I'll make this the penultimate post on this model, leaving descriptions of the last assembly and basing until it's finished. I've now put the figure's hands in place and will decorate these over the next few days and hopefully by Monday the figure should be done.
Today I've concentrated mostly on painting and placing the decal on the gladiator's large rectangular shield. After cutting the shield free of its sprue and tidying it up, I quickly walloped it with Citadel white base and when this was dry I gave it a couple of coats of Citadel Ungor Flesh. I've no idea what an ungor is, or if I'd want to be pals with one, but the yellowish-ochre colour of its flesh is just a slightly darker hue to the yellow depicted on the gladiator's shield on the box art. I also gave the metal boss in the centre of the shield and the metal trim around it a coat of GW Boltgun Metal. This I allowed to dry overnight.
This afternoon it was time to grasp the nettle and tackle the decal. I've mentioned before that Miniart decals are one of the poorer parts of these otherwise very engaging models, being thin and prone to tearing. I was in half a mind to cut the transfer in two and assemble it in situ a piece at a time, but in the end I decided to go for putting the decal in place in one go. After soaking it in water for about a minute, I slid it off the backing paper onto the shield and to my pleasant surprise and relief, it went on without tearing. A couple of the corners turned over and there was some creasing, but after carefully unpeeling these and stretching the decal into the corners and edges of the shield, things looked much better. I then dabbed away the excess water with a cotton ball and coated the shield with Revell Decal Soft. This softens the plastic backing, making the transfer more malleable and it is easier to flatten or straighten out any kinks as a result.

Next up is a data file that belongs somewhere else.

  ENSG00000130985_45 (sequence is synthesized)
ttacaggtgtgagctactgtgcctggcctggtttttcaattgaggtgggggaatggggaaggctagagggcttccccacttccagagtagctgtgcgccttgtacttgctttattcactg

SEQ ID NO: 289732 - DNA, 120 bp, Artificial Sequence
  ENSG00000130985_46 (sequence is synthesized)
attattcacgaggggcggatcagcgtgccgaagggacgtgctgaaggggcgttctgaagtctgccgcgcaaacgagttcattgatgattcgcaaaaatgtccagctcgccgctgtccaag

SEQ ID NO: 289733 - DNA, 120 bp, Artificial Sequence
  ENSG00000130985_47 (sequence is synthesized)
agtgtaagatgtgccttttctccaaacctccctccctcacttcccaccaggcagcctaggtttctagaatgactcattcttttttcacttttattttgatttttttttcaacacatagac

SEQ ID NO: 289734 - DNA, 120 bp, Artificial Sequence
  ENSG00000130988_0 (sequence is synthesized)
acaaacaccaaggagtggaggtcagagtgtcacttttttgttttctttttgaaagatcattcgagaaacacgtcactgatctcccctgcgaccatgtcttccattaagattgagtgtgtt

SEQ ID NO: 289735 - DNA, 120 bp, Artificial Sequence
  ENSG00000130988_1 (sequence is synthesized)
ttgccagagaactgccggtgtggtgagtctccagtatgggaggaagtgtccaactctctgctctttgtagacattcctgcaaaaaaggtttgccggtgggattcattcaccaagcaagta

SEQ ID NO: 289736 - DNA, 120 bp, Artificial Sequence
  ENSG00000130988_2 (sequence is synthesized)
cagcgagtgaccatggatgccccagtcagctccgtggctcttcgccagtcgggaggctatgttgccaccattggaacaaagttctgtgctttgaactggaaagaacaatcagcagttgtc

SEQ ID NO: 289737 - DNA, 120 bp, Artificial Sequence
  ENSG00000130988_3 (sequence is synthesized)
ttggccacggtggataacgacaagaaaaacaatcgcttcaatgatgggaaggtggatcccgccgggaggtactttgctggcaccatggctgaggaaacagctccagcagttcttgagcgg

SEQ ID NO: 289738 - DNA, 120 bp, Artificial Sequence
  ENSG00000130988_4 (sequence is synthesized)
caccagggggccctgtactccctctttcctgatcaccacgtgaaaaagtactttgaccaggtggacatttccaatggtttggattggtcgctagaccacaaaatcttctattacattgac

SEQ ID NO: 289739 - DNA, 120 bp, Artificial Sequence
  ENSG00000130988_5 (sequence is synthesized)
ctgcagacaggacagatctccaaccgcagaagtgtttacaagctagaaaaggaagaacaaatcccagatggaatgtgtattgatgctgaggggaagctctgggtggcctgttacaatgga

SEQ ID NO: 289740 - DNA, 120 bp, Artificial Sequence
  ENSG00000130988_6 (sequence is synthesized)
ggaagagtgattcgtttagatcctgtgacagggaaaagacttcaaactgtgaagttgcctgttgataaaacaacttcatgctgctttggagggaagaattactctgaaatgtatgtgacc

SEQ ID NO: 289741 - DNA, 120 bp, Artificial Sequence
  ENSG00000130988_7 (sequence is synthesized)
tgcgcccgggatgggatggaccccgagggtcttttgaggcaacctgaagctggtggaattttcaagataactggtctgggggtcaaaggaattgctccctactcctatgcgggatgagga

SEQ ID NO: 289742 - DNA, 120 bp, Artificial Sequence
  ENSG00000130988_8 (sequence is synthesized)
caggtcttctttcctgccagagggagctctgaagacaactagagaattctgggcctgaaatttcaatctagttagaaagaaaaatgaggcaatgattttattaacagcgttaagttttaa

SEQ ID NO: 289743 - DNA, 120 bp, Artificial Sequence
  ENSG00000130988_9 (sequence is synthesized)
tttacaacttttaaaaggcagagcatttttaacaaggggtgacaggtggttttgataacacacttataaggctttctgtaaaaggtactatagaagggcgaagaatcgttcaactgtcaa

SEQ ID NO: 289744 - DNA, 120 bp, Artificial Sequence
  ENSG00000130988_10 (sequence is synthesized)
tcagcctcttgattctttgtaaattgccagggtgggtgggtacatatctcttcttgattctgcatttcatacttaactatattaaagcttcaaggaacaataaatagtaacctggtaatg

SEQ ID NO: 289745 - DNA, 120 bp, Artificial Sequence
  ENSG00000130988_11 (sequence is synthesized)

One this was dry I gave the shield a coat of our old friend Pledge Floor Wax. This does two things; it makes the whole surface of the painted shield and decal shiny and also makes the surface more uniform, making it less obvious where the transfer begins and the real surface ends. I wasn't bothered by the shiny surface as I knew I was going to be applying Army Painter Soft Tone, which will make the shield rather grimy and give it a matt finish.
Before that, though, the shield needed to look as if it had been through the wars, so once the wax was dry I scored lines into the surface with a craft knife. Not too many to obscure the design, but enough to look like it had seen service. I knew that the Soft Tone would settle in these nicely, making them more visible on the surface. Here it still looks damp, but it has since dried off to a nice matt state.
All that remains now are a few straps to be fixed the padded arm, the painting of the two hands, fixing the shield in place and then final assembly of the base.